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EACOP Described as a “Mid-sized Carbon Bomb”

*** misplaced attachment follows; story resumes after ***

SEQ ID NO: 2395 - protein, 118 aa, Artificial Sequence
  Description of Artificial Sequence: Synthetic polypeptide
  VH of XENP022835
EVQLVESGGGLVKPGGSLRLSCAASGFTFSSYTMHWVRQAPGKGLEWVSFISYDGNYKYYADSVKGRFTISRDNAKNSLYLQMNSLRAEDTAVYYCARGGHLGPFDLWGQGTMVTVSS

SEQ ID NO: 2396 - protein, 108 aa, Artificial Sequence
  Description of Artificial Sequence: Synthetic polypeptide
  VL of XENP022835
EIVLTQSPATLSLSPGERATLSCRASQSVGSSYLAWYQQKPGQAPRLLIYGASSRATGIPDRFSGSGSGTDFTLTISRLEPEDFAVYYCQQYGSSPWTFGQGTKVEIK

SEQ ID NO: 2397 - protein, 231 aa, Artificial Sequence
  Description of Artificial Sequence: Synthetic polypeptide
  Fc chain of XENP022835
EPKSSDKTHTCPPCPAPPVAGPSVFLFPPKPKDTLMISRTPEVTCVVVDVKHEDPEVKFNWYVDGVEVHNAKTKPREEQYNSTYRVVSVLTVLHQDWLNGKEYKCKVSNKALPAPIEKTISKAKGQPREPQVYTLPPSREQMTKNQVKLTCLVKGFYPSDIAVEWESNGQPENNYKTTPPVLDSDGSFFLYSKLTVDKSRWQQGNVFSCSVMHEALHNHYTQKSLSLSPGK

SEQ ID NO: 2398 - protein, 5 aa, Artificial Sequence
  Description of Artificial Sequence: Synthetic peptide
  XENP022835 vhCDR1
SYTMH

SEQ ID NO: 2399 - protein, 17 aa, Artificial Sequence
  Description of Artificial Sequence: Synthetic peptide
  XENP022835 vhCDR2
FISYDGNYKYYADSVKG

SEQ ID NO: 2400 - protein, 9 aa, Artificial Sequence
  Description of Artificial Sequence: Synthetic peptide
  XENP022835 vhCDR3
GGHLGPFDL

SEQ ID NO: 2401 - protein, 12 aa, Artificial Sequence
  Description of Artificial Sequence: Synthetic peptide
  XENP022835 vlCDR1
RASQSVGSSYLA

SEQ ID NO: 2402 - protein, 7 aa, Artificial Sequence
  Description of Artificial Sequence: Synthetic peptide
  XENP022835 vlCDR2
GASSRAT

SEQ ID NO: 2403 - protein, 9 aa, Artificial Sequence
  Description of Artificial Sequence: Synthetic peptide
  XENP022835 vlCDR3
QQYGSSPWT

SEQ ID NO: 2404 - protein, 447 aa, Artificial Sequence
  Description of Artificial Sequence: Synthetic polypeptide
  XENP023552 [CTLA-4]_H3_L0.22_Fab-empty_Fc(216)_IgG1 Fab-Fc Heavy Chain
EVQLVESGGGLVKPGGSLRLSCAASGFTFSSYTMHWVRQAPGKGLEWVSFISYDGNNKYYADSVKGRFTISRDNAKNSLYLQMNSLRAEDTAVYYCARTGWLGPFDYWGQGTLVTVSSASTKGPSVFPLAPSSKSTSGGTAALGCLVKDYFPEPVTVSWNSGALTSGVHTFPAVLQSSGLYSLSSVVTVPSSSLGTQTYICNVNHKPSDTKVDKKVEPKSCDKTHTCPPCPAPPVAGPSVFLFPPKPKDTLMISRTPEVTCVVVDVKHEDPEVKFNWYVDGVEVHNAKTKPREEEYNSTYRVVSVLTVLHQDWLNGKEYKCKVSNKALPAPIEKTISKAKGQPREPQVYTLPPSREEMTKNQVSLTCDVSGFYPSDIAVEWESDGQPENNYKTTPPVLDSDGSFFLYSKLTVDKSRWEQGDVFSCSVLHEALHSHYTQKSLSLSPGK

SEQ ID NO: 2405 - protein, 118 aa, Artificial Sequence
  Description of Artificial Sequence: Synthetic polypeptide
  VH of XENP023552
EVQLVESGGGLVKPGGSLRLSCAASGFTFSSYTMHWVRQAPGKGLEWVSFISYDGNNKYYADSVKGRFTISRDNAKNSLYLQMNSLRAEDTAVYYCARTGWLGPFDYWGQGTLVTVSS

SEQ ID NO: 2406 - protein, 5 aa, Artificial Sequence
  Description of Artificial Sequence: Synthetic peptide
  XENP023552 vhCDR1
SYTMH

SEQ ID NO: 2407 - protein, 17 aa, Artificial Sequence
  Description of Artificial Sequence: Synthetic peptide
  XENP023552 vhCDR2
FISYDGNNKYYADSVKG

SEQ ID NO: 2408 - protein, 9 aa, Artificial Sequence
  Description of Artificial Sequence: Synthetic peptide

The new analysis, by the Climate Accountability Institute (CAI), found construction and operation of the East African crude oil pipeline (EACOP) contributed only 1.8% of the full emissions of the project when taking into account overseas transport, refining and burning of the 848m barrels of oil by end users. It considered the 25-year lifespan of the project and refining in Europe and China. In the years of peak oil flow, the associated emissions would be more than double those of Uganda and Tanzania in 2020. Omar Elmawi, coordinator of the Stop EACOP campaign, said: “EACOP and the associated oilfields in Uganda are a climate bomb that is being camouflaged us as an economic enabler to Uganda and Tanzania. It is for the benefit of people, nature and climate to stop this project.” A number of financial institutions, including previous backers of TotalEnergies, have said they would not finance EACOP. These include 24 banks and 18 insurance companies. Some African countries argue they have the right to use fossil fuels to grow their economies, as rich western nations have done. In September, EU lawmakers called for EACOP to be stopped, prompting Uganda’s president, Yoweri Museveni, to respond: “They are insufferable, so shallow, so egocentric, so wrong.”